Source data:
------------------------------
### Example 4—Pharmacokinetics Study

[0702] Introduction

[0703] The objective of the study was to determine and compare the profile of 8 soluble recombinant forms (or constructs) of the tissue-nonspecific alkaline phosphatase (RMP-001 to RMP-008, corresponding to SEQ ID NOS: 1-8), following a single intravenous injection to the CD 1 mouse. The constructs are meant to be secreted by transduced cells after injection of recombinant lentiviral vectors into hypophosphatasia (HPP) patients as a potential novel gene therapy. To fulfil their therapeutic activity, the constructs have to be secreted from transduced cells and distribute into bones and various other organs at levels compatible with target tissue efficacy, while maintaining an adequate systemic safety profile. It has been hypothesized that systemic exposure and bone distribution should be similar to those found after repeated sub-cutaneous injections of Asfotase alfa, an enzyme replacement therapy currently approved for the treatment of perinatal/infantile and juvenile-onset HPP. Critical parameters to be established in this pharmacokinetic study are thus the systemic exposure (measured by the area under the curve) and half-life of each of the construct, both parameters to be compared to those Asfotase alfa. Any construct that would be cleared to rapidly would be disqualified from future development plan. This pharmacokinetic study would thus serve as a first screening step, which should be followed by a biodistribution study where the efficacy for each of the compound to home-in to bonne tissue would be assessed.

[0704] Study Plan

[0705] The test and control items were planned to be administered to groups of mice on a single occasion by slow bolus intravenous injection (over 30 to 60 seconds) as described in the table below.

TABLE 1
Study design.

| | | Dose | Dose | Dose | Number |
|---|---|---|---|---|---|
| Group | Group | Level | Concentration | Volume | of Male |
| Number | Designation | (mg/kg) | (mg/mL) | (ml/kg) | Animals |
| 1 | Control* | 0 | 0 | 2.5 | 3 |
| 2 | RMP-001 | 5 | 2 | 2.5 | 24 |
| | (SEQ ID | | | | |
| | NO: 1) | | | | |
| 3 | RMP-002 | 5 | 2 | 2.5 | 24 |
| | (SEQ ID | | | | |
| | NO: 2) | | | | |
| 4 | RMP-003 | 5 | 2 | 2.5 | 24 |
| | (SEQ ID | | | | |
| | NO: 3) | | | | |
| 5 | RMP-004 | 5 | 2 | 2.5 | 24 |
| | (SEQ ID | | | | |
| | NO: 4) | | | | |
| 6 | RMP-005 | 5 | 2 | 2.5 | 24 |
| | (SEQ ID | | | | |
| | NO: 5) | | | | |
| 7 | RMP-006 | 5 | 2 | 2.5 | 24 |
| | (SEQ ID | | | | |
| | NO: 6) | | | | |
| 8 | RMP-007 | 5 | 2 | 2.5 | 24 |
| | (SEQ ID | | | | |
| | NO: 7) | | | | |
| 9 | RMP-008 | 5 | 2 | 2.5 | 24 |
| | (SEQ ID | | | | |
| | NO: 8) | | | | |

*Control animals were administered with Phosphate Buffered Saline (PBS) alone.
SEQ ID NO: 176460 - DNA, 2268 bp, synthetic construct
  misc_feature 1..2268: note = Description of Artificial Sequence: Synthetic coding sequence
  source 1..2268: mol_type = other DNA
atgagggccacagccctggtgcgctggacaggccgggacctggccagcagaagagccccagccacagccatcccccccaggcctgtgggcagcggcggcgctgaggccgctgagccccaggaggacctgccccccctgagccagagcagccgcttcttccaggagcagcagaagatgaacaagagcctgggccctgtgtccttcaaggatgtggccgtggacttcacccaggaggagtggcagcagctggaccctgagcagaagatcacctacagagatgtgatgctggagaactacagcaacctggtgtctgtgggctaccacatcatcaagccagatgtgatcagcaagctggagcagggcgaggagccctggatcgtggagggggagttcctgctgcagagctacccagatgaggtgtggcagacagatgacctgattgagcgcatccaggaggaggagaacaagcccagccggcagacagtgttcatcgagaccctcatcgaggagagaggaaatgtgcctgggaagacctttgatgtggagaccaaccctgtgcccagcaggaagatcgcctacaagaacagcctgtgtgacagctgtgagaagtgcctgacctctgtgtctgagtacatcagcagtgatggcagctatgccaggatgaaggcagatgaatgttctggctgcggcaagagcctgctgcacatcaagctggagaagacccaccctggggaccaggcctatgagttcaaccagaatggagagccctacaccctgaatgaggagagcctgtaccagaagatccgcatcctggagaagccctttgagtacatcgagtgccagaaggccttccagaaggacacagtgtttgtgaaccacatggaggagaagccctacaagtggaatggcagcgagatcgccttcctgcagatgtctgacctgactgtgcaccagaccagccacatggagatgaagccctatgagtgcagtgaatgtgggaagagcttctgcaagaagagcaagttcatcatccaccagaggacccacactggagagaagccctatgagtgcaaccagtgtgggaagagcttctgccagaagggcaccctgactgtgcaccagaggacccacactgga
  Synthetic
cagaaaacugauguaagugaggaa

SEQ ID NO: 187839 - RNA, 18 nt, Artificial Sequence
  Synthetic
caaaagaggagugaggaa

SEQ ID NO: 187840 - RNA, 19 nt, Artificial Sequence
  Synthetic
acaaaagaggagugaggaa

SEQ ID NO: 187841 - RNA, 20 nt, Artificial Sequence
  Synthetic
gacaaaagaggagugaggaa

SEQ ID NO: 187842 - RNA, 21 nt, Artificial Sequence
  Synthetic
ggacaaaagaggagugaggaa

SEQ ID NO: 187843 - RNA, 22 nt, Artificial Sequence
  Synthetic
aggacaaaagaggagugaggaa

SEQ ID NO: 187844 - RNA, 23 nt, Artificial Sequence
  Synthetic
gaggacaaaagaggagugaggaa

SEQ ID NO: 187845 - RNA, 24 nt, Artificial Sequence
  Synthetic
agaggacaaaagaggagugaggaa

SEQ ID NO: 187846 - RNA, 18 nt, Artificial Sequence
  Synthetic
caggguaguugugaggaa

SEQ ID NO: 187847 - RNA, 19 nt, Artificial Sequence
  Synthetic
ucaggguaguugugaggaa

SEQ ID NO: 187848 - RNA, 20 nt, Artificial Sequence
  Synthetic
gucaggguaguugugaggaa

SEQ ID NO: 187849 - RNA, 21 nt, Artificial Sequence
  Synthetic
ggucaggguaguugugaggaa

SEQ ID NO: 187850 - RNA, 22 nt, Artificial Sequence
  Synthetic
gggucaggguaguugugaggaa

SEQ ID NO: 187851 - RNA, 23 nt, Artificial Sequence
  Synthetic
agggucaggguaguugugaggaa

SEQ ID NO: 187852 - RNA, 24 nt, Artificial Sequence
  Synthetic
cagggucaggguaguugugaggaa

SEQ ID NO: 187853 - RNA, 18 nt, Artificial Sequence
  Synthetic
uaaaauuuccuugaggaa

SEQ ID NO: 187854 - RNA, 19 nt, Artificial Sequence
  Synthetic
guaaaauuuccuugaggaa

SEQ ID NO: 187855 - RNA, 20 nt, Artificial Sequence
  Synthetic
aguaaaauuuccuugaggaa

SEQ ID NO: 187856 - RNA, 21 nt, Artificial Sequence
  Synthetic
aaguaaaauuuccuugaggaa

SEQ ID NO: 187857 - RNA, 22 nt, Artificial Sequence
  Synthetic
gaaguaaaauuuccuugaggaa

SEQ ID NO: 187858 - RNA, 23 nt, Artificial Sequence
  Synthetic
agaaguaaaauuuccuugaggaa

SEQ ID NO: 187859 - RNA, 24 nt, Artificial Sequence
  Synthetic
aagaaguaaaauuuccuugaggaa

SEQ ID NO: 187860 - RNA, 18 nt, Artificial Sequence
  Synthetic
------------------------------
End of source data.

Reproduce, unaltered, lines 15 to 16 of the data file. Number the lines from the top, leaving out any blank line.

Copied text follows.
| | NO: 1) | | | | |
| 3 | RMP-002 | 5 | 2 | 2.5 | 24 |